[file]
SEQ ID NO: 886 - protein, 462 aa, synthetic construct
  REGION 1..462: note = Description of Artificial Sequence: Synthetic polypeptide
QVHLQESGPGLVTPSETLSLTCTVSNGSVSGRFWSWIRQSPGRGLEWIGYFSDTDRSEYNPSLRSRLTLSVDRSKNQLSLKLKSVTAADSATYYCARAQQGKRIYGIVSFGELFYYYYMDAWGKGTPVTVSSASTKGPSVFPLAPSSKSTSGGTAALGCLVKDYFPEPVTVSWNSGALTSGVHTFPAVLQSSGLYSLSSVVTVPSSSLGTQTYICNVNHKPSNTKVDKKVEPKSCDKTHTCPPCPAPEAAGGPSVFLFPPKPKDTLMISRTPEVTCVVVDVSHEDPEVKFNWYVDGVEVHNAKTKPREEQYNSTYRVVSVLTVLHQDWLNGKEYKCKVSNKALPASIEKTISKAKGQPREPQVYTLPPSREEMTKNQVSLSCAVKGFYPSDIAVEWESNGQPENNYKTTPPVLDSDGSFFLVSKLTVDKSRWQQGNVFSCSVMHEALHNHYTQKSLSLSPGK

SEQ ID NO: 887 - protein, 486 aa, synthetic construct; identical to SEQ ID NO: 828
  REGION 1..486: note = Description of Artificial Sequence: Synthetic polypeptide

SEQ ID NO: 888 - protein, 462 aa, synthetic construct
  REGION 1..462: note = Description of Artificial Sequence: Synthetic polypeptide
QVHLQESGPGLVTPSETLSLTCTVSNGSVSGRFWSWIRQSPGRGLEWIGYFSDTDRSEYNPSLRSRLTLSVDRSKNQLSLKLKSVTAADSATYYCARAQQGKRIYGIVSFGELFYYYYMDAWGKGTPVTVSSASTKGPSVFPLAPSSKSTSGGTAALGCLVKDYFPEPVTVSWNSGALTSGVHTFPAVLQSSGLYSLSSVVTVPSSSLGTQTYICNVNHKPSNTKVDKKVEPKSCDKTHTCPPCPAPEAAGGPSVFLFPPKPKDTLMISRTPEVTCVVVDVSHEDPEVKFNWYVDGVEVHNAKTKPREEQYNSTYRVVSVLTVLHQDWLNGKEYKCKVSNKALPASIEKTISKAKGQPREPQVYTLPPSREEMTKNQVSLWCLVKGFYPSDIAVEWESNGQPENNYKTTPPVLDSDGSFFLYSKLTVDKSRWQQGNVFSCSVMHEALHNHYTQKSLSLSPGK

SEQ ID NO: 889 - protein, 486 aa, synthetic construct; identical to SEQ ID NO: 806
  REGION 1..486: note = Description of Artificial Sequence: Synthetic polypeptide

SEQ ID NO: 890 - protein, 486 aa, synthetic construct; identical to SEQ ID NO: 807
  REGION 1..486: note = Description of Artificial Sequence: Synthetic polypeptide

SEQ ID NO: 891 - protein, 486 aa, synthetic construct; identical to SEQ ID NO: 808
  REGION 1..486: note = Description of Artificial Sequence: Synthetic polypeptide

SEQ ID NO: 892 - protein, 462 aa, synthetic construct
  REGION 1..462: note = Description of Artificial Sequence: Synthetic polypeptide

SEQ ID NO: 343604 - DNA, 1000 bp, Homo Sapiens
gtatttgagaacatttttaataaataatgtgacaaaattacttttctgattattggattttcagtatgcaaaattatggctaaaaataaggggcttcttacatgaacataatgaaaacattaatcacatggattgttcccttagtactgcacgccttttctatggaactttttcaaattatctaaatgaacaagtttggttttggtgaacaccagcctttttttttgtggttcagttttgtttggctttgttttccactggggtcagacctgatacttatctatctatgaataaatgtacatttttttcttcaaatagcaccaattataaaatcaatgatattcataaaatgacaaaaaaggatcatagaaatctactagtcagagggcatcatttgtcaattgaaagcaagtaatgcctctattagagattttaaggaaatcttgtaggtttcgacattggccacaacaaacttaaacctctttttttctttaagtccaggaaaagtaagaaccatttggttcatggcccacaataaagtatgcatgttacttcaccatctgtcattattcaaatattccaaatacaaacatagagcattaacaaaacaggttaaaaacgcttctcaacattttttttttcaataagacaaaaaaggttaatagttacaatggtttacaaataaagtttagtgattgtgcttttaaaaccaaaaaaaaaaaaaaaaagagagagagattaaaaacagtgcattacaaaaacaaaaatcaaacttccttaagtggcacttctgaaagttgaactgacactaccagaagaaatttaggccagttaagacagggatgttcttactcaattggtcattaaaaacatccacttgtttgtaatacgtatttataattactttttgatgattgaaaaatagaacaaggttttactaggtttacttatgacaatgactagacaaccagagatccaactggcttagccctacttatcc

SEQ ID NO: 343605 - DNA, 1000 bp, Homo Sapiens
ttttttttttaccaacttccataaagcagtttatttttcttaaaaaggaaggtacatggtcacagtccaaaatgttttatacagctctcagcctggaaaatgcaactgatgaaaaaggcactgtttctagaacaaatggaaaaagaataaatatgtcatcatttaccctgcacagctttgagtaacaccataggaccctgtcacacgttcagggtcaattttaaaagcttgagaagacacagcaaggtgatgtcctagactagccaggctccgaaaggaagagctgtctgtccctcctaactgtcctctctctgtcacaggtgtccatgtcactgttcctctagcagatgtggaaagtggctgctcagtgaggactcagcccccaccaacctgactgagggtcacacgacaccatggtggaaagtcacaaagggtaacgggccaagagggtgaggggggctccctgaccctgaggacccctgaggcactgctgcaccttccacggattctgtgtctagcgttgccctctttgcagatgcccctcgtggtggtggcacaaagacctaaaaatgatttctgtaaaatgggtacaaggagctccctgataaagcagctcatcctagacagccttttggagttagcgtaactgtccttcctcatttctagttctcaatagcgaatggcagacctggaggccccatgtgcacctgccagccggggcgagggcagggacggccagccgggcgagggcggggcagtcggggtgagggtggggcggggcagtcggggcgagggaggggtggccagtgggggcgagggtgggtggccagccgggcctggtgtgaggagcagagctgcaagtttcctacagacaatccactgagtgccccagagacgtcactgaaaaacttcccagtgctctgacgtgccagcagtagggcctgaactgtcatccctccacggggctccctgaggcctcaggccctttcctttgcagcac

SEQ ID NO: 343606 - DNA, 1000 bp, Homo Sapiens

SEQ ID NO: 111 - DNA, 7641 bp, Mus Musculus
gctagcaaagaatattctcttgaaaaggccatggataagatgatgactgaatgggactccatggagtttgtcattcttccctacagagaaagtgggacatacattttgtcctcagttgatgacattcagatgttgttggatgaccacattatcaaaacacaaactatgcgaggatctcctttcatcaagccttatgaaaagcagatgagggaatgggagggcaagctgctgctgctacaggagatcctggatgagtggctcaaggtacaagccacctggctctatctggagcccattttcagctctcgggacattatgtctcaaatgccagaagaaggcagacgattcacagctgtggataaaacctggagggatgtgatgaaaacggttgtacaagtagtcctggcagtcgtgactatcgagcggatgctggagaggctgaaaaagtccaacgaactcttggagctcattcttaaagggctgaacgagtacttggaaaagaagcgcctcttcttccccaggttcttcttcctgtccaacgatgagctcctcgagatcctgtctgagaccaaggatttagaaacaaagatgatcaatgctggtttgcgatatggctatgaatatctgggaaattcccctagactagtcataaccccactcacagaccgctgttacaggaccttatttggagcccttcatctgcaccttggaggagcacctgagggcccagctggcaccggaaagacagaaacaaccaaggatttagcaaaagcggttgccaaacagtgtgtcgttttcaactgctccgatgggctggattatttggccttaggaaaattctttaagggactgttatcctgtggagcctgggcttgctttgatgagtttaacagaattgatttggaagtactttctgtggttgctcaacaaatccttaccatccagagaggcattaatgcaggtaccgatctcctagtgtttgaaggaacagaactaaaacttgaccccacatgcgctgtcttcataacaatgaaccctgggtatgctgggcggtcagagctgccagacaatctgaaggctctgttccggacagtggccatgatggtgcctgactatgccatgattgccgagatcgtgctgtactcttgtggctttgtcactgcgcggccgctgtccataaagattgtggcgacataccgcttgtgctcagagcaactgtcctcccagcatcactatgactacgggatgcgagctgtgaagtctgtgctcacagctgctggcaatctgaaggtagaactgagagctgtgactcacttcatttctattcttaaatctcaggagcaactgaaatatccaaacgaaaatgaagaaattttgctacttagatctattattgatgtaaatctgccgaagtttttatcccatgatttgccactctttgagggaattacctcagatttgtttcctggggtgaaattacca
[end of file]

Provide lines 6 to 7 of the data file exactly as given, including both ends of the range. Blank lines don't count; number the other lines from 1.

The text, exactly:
SEQ ID NO: 888 - protein, 462 aa, synthetic construct
  REGION 1..462: note = Description of Artificial Sequence: Synthetic polypeptide